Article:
It’s no secret — cats are unpredictable and extremely territorial so keeping cats out of garden areas can be a bit tricky. They mark their territory by depositing pheromones from scent glands (urinating or otherwise), and will continue to visit as long as their scent remains.
Best approaches Known to Keep Cats Away from Gardens
Broadly speaking, we can label all of these diverse approaches as “cat repellents,” since they are all designed to repel unwanted feline intruders from a specific area. But I’ll also provide an example of the commercial products more narrowly associated with the label, “cat repellents,” namely, products that come in a can and are sprinkled on the ground to keep cats away.
If an area of your garden has been frequented by a cat, the first thing you must do to keep cats out of the yard is remove any feces along with some of the soil. You can then try sprinkling cat repellent in the area and hope that it works or consider laying chicken wire down on top of your soil. This prevents cats from scratching and digging in the soil, thus keeping them from using it as their litter box.
Likewise, cats typically stay clear of areas that are mulched with stone, pebbles, or similar materials. Finally, you could cut up lemons, oranges, or similar citrus fruit and put them in the garden to stop cats from using this area as a toilet.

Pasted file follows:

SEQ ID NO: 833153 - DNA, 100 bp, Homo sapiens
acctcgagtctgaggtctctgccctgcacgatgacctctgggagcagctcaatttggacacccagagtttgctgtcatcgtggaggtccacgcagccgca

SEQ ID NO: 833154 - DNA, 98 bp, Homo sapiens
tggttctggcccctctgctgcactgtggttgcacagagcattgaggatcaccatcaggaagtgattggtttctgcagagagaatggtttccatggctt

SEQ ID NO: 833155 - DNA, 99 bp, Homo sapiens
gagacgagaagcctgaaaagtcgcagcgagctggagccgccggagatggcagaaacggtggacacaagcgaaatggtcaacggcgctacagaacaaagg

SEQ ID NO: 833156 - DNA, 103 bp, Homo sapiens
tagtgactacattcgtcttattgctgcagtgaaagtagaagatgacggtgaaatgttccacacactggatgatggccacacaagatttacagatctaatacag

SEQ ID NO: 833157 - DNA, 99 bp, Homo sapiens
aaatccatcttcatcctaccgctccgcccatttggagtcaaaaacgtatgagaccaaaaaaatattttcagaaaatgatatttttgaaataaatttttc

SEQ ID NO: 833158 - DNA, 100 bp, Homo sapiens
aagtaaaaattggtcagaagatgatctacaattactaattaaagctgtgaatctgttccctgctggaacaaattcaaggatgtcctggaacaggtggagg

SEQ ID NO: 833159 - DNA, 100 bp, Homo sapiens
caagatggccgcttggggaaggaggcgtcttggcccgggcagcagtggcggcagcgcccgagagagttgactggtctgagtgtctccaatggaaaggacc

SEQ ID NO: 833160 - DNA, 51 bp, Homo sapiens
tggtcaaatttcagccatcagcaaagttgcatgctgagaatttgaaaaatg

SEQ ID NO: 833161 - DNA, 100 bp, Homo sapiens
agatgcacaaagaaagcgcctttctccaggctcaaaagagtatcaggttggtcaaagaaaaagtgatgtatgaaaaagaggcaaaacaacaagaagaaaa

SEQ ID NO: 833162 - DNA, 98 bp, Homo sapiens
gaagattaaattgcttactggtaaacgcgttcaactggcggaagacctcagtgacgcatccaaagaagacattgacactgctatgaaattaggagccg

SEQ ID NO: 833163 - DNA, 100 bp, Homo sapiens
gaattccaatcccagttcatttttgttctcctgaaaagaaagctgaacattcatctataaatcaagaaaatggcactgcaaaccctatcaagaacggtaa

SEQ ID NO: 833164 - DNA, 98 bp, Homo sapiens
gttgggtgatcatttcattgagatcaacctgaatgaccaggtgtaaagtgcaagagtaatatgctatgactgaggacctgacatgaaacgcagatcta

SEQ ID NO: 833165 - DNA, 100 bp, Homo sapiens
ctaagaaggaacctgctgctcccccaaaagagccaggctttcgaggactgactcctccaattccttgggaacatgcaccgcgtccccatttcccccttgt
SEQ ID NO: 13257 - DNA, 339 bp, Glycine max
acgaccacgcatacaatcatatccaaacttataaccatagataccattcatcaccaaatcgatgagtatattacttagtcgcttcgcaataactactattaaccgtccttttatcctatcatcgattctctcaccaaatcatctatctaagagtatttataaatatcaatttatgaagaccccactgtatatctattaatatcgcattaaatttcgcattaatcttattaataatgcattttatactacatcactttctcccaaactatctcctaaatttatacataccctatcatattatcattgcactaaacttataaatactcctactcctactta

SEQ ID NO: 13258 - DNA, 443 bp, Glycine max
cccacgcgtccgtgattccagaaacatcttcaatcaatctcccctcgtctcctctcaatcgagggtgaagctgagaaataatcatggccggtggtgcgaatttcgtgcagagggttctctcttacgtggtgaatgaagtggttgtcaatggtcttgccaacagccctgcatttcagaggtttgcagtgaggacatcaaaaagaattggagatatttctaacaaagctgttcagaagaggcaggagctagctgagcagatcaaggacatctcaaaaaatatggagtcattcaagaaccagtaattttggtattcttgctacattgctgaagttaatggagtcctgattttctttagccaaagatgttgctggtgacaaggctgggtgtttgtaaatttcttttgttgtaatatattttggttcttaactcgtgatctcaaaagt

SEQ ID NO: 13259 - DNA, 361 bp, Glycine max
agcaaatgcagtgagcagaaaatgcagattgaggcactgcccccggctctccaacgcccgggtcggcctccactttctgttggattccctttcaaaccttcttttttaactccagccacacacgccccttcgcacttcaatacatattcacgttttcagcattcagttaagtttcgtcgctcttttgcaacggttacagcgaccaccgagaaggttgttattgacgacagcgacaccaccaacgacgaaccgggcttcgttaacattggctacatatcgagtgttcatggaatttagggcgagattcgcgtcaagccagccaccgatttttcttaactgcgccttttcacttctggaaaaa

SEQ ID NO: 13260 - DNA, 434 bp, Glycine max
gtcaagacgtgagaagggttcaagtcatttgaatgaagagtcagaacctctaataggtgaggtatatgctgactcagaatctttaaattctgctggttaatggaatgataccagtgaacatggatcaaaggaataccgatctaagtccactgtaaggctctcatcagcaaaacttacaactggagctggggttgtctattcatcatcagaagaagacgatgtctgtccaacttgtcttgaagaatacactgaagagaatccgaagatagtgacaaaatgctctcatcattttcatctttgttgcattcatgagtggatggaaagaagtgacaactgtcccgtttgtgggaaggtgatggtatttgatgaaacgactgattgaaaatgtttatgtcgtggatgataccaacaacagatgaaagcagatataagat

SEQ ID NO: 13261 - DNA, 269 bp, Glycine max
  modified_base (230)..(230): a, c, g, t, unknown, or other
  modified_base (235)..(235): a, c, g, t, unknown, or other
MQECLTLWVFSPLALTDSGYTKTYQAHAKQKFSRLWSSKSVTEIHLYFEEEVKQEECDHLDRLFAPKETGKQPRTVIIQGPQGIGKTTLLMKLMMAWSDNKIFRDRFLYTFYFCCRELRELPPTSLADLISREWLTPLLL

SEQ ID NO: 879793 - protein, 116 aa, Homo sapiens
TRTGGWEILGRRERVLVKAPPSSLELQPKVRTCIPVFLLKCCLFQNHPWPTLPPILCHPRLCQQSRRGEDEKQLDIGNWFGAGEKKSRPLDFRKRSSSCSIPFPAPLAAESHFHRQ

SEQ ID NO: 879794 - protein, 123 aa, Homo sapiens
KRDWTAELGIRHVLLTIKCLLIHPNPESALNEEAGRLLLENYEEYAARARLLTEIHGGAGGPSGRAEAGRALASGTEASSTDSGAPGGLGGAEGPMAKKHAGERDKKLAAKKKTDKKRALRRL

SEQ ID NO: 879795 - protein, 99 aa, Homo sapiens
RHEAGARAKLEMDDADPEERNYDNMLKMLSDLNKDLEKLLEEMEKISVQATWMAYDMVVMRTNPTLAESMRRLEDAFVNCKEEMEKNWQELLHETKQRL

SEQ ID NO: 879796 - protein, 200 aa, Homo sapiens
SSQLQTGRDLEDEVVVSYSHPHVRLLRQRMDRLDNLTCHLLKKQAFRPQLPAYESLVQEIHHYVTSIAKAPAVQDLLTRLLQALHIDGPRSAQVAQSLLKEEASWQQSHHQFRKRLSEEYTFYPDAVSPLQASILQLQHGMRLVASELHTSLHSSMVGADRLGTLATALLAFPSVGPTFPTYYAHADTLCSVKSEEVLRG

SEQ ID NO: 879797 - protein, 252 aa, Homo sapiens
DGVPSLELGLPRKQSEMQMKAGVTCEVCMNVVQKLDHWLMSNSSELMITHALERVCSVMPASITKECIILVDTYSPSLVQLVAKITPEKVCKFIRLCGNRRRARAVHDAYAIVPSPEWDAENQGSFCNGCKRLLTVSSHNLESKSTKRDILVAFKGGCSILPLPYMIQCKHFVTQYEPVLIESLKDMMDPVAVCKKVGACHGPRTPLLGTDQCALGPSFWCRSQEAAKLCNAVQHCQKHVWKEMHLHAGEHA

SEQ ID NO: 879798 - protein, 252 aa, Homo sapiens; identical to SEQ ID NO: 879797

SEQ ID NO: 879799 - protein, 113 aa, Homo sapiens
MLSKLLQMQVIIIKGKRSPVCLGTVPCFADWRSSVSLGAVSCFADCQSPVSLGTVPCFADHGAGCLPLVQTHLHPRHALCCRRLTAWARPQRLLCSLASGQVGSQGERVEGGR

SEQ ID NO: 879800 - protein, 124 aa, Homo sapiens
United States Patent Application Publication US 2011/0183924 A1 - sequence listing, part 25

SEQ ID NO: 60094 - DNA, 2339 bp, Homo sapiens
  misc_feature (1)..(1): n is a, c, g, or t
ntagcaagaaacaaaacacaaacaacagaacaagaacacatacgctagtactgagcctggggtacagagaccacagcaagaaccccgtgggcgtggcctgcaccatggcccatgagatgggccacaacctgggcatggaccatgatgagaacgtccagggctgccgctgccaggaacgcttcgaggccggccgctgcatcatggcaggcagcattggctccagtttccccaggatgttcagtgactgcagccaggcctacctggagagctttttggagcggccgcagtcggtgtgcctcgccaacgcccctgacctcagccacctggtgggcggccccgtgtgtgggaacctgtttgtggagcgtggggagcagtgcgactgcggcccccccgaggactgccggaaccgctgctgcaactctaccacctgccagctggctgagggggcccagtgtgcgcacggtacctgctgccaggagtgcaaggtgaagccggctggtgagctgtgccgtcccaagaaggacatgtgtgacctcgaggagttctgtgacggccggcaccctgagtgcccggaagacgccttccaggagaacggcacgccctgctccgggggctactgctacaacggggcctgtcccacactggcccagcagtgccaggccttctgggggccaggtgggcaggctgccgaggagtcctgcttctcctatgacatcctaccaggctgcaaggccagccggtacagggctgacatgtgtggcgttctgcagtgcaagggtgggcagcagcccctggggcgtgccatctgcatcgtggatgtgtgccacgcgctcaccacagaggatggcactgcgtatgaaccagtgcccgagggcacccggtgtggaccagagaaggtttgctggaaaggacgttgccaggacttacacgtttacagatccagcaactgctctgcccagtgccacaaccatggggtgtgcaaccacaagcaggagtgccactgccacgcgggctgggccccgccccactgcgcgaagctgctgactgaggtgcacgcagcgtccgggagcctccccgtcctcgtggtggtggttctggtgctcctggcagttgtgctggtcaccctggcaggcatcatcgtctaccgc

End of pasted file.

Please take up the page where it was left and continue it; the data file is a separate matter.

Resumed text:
How to Stop Cats from Eating Your Plants
You may be wondering how to stop cats from eating your plants. Again, there are no absolutes, but there are a few things you can try. Cats hate getting wet. Therefore, when you catch cats nibbling on your garden plants, you could try spraying them down with a garden hose or water gun to reinforce the fact that they are unwanted near your plants.
Learning how to repel cats with plants is another alternative. You can choose to incorporate plants that cats do not find attractive or tasty and are known to avoid. For instance, some plants emit odors that cats find offensive, such as the scaredy-cat plant (Coleus canina). Other plants often recommended for keeping cats away include rue, lavender, rosemary, and pennyroyal.
Cats may be adored by their owners, but they’re often strongly disliked by neighboring gardeners. Cats don’t recognize boundaries, and if the next-door back garden appeals to them, that’s where they’ll go to scrape holes in the soil to do their business. There’s no guaranteed way to keep cats out.